In the Hebrew year 2018 (1742 BCE), God made a covenant with Abraham, granting him and his descendents the Land of Israel, as recorded in Genesis chapter 15. Abraham lived at a time of widespread idolatry and corruption, and took upon himself the mission of spreading ethical monotheism to the world. In response, God set aside the Land of Israel as a laboratory where Abraham's descendants could create a model society, "a light unto the nations." Unlike other nations who claim land because their army was able to conquer it from someone else, Israel's claim to the land is based on Divine authority. Appropriately, it was also on this date that the angels informed Abraham that a son (Isaac) would be born as his successor (Genesis 18:10).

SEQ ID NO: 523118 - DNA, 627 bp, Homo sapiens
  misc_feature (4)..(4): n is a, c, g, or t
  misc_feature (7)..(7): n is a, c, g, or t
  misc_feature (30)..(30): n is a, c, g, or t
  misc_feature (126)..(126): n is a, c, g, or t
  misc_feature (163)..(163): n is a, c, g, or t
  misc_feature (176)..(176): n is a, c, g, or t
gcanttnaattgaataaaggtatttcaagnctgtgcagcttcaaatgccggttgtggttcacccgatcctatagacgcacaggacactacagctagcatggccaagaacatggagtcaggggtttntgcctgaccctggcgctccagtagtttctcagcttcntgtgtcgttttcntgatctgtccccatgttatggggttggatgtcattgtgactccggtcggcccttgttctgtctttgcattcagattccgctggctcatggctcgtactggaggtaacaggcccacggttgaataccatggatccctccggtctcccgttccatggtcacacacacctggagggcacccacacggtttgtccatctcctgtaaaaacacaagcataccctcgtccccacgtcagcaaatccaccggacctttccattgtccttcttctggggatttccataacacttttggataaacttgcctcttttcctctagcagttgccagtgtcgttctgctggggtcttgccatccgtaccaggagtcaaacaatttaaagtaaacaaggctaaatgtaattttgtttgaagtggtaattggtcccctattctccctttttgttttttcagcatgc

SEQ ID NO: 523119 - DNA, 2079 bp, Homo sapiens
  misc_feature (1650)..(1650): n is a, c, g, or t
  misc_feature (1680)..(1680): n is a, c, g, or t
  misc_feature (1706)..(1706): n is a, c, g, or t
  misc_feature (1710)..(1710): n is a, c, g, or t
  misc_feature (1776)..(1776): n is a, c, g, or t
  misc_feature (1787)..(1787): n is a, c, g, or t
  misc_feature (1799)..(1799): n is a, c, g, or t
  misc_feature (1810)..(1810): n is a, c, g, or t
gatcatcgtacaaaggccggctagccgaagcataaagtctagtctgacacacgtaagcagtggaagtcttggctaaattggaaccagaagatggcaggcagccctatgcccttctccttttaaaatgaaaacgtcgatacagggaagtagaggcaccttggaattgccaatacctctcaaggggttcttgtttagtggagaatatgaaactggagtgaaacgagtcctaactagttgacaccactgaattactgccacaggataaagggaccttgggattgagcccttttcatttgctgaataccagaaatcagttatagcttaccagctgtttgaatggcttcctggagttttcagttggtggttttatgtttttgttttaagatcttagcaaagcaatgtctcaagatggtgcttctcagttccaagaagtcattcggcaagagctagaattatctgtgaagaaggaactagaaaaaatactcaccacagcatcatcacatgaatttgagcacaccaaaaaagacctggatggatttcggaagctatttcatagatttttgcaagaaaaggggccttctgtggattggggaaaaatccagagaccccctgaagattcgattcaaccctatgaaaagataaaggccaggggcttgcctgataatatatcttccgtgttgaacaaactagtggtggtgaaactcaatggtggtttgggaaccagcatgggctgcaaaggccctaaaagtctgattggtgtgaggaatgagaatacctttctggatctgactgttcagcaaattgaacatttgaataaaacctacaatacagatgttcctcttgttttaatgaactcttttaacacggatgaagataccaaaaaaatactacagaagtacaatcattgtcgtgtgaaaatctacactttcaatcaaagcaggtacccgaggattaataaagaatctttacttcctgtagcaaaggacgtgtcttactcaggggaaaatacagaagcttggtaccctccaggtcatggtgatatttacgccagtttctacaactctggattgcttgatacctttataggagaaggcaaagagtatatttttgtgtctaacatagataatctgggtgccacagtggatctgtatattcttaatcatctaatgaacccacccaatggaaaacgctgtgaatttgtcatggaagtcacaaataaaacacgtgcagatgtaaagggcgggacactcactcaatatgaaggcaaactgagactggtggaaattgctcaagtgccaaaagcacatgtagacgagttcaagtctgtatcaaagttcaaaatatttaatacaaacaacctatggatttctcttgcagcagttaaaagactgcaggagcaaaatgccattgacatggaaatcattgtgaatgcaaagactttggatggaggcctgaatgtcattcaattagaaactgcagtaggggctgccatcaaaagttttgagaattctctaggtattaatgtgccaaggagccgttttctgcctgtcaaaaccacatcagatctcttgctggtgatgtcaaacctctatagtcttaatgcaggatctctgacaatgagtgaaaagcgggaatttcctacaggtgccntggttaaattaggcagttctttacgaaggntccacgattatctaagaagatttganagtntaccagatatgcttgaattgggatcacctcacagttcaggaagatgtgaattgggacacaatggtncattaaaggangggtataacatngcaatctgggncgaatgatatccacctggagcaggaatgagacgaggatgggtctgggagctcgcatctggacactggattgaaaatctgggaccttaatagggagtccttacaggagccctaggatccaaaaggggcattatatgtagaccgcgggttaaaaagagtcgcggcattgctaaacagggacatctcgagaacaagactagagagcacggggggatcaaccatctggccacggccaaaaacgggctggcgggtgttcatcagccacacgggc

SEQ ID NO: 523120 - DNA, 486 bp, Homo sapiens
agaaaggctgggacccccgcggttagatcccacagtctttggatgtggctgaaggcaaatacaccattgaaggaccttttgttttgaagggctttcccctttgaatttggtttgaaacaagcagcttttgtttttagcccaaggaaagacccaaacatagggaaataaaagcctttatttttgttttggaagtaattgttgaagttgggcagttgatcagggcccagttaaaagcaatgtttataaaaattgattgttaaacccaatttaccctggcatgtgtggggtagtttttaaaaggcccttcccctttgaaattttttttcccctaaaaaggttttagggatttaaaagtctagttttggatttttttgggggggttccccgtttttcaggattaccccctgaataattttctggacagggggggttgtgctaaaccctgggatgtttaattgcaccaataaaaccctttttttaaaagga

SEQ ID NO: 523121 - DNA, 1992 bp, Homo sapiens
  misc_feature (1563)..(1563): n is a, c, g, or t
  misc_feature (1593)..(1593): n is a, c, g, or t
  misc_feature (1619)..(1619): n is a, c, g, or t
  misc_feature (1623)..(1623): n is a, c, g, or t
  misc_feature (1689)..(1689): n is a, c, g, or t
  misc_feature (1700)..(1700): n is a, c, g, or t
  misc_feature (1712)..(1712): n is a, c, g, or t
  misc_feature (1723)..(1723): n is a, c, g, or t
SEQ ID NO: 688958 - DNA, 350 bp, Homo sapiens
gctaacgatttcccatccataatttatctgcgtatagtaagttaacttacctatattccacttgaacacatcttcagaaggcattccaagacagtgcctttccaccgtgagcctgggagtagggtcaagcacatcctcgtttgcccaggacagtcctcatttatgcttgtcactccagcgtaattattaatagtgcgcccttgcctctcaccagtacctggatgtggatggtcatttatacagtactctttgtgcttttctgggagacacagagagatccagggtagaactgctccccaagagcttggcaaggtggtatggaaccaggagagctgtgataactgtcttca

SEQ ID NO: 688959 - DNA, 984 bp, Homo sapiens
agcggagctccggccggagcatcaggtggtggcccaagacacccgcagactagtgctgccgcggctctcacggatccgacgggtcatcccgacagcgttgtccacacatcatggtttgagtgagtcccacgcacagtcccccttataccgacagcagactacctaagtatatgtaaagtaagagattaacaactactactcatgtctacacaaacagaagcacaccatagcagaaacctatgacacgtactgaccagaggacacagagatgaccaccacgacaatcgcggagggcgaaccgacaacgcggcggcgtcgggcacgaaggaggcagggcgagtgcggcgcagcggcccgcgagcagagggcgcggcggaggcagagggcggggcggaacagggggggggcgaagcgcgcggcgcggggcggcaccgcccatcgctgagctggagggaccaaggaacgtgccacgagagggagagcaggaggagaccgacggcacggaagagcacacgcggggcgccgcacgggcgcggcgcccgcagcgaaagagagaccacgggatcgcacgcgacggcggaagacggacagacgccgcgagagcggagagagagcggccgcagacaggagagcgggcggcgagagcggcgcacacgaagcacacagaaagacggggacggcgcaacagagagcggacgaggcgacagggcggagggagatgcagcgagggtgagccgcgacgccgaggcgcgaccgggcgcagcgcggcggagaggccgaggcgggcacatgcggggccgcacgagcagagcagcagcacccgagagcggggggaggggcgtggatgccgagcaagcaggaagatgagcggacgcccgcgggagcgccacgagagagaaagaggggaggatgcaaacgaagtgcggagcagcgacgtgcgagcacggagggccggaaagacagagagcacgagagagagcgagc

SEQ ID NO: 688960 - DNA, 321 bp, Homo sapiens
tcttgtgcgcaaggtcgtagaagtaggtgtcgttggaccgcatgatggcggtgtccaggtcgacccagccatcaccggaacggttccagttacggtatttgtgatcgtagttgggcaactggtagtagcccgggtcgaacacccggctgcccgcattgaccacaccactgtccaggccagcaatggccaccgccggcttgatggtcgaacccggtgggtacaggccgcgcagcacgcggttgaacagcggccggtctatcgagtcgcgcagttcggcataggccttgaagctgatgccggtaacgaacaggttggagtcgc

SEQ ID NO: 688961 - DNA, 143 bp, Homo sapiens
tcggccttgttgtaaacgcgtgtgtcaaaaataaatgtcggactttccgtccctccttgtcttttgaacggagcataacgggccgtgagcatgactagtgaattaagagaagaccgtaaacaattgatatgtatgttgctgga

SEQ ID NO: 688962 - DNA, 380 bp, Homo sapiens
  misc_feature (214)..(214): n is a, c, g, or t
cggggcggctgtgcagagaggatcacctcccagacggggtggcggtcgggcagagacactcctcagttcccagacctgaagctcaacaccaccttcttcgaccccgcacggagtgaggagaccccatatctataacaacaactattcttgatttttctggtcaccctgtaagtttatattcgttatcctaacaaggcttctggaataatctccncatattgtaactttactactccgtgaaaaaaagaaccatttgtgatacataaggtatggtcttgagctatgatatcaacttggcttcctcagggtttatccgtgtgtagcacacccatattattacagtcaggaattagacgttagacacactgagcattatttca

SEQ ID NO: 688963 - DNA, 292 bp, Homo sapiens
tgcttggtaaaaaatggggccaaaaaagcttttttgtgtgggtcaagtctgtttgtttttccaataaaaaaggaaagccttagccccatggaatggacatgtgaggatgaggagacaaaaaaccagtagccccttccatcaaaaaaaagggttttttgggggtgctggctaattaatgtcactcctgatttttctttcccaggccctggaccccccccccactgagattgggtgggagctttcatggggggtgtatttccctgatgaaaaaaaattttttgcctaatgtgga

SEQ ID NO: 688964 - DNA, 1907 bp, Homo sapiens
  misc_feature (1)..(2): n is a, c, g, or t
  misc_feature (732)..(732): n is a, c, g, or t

On Nisan 15 in the Hebrew year 2448 (1312 BCE), the plague of the firstborn struck Egypt, and Pharaoh finally acceded to Moses' request to "Let my people go." That night, the Jews held the first Passover Seder, eating matzah, bitter herbs, and the Passover lamb. The next morning, 3 million Jews left in the Exodus from Egypt, in what is known as the "birth" of the Jewish nation. This event is commemorated each year on Passover, when families gather to eat matzah, recite the Haggadah, and thank God for sustaining our people till this day.